God can draw a heart like that to him. Someone who’s never been in church,
doesn’t know anything about the Bible, and they call a church and ask about
Bible study? That just doesn’t happen.

And I knew immediately that it was God working. In that
moment I knew I had to obey. It was so clearly God’s activity, to me, and I
wanted to be a part of it. So as much of a planner as I am, I said you know
what, we don’t have anything, but you call them back. I said I’m changing, I
will get it together, I will make something happen. And I did.

We had four women in that first little group. During the course
of the study two received Christ. It took two more years for the other two to
come to Christ, but they did. And then God just led us into, we started
teaching coed during Sunday morning. In fact I think, we’ve moved on, we’re not
in Canada anymore, but I believe that they still have a study for seekers there
that started with those two ladies who had brought their kids to vacation Bible

Cynthia: You mentioned something about consumer Christianity
in your book. I want you to compare what you just talked about and your idea of
not having flat faith, with what you called consumer Christianity.

Kathy: We are so
influenced by our culture. It is something that believers, we need to fight
against every day. Because things that the world just accepts and takes for
truth, if we don’t constantly line it up against God’s Word we can so easily
fall into that.

As you read the Bible God is so clear about the way that he
has designed his church. When he saves us, he saves us into a family, into his
family. He puts the church together. It’s such an inter-dependent relationship.
We cannot be the believer that God calls us to outside of a vital connection to
a local church. A vital connection looks far different than what our culture
has sort of shaped us to believe that it looks like.

So what I mean by consumer Christianity is we have allowed
that consumer mentality to bleed into the way that we see the church. So rather
than really becoming an integral part of a body where we serve that body and we
meet needs and we allow them to meet our needs and minister to us, and we know
them and they know us, we end up putting this consumer model on the church
where we may go to, instead of going to a church with the attitude of God wants
me here, he’s got a purpose for me being here, he has given me spiritual gifts
that he wants me to use to minister to this body and to help them minister to
the community, we go to the church with the consumer attitude of what is this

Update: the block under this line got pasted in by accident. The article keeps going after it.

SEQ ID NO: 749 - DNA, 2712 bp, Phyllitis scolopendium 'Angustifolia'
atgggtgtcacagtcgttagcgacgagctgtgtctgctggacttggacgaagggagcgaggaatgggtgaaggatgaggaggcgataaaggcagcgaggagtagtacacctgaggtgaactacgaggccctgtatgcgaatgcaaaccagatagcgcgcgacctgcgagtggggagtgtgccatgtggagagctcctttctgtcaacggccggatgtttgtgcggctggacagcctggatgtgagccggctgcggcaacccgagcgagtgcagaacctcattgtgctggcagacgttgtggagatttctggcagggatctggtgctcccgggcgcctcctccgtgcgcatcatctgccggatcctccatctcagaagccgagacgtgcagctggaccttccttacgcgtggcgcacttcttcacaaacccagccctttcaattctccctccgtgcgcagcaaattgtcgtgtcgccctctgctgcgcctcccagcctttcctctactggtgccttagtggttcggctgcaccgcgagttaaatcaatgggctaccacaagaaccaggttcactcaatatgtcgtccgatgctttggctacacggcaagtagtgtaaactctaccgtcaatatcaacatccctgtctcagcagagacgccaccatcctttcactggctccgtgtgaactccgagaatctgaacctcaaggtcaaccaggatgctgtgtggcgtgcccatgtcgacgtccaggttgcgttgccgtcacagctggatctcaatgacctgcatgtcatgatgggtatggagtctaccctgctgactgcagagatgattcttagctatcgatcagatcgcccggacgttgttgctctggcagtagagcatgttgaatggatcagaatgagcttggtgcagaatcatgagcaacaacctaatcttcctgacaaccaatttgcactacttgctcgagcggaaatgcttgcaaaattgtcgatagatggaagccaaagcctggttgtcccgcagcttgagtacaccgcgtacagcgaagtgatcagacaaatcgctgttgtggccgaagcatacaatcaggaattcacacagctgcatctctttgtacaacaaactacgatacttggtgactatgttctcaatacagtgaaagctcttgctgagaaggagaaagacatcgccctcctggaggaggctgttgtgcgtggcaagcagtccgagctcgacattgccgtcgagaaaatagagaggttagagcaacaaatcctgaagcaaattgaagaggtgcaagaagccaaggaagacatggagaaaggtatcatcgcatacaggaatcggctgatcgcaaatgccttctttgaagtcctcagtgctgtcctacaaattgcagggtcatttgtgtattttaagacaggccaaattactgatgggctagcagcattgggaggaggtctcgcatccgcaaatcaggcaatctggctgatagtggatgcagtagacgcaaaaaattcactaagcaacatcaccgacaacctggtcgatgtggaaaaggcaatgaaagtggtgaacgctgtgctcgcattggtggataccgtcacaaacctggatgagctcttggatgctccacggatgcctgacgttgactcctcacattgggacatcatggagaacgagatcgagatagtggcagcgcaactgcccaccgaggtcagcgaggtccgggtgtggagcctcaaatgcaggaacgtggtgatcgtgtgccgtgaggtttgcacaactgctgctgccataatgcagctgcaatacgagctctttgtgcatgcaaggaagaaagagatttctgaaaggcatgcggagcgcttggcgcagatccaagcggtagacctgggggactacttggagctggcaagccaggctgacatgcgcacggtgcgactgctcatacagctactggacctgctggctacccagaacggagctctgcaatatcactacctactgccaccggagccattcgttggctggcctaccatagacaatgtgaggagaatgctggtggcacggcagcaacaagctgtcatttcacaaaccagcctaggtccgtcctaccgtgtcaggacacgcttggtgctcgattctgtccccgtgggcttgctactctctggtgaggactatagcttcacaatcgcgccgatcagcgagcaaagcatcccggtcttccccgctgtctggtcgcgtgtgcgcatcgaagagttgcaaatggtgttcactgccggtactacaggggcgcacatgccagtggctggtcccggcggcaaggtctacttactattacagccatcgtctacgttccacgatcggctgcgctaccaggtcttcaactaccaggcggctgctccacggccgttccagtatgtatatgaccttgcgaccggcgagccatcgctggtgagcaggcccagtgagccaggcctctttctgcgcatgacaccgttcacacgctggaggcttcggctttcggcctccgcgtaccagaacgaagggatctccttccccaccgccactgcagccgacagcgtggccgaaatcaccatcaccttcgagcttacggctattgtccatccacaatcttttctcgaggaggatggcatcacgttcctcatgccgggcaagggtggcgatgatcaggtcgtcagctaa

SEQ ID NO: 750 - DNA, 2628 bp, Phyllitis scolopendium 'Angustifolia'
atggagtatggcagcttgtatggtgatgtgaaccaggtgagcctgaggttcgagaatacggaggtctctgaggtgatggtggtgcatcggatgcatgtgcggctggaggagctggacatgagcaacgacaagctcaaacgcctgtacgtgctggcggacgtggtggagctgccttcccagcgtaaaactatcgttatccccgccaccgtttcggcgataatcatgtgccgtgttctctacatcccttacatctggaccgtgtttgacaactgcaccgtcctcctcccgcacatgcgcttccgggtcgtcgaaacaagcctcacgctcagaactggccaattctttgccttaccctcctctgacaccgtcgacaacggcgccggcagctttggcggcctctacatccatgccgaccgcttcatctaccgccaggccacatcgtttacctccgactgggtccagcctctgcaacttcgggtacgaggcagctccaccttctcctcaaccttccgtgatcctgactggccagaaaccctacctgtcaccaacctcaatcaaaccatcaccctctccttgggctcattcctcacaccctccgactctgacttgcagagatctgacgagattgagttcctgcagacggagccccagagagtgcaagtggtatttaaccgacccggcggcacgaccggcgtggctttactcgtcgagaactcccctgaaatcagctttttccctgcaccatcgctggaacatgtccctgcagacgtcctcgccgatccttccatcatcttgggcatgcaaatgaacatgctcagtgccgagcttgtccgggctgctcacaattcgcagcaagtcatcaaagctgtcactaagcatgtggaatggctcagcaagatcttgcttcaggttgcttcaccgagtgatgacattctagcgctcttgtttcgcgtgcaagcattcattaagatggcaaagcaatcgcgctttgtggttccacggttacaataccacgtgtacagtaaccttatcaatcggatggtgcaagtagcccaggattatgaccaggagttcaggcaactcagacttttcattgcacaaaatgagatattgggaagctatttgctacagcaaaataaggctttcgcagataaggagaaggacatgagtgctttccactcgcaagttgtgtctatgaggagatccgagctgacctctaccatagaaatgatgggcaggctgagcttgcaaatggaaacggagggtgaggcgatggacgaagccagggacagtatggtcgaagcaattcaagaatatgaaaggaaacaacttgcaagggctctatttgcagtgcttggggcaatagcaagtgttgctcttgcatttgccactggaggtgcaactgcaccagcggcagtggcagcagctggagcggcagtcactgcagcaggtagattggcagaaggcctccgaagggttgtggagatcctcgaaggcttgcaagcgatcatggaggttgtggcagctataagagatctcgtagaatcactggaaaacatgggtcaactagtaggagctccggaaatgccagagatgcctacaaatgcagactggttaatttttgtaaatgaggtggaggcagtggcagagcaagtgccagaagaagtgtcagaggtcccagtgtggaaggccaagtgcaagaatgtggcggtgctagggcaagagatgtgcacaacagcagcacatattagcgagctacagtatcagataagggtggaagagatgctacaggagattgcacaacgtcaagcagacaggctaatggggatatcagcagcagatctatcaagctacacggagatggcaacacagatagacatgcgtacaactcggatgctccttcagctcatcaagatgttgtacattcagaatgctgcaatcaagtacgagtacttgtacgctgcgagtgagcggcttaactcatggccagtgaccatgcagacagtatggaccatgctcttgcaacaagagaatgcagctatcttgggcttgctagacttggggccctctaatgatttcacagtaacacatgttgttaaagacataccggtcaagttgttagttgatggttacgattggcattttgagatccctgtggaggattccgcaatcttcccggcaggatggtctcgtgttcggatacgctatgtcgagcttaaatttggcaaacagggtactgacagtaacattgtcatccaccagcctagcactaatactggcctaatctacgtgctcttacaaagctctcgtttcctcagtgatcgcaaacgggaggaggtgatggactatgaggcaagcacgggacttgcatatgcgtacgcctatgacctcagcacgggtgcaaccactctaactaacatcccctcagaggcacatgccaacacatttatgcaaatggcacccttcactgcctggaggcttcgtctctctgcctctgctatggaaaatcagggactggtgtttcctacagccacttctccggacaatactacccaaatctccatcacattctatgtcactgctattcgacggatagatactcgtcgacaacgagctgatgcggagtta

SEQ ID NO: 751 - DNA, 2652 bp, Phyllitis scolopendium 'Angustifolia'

church going to do for me.

Now, while we do get benefit, God ministers to us in the
church, that cannot be our motivation in where we go and how we relate to the
church. But many Christians will go to this church on Sunday morning because
the preacher is dynamic and we love the lights and flashes and music shows and
everything they put on on Sunday mornings, so we go there. But yet this other
church down the road has an incredible youth program and we want our kids to
get the most out of that, so we’re going to go there on Wednesday night.

And we’re not going to get super involved because we’ve got
a life and we’ve got a lot of other things going on. So we end up picking from
the programs of a church like we pick items off a menu, and we never have the
relationship with a local body that God intends for us to have.

Cynthia: It’s like shopping for a restaurant. I have always
firmly believed that every believer needs to have a ministry of some kind in
using their spiritual gift.

Kathy: Yes. That’s why
God gives them to us. 

Cynthia: And that is what Paul was meaning, I think, when he
said that I am a slave of Jesus Christ. That’s what I want to be, his will is
going to be my will. Kathy, where can we find you?

Kathy: My website, and of course my
books you can get on Amazon,, hopefully in your Christian
bookstore. If they don’t have them on the shelf I’m sure they can order them
for you. But I’d love for your listeners to visit my website. I offer a lot of
stuff there. There’s a whole page that’s free resources that’s packed with
Bible reading plans and quiet time tips and Scripture memory helps and that
sort of thing.

I even have some free Bible studies on my website. There’s a
study in the fruit of the Spirit on my website, and through the book of
Ephesians. And we talked about Hebrews, I have a study through the book of
Hebrews on my website.

Cynthia: Interesting. Well, I appreciate your time and I
appreciate you provoking us to thought.

Kathy: Thank you. It’s
been fun chatting with you.

Cynthia: Thanks.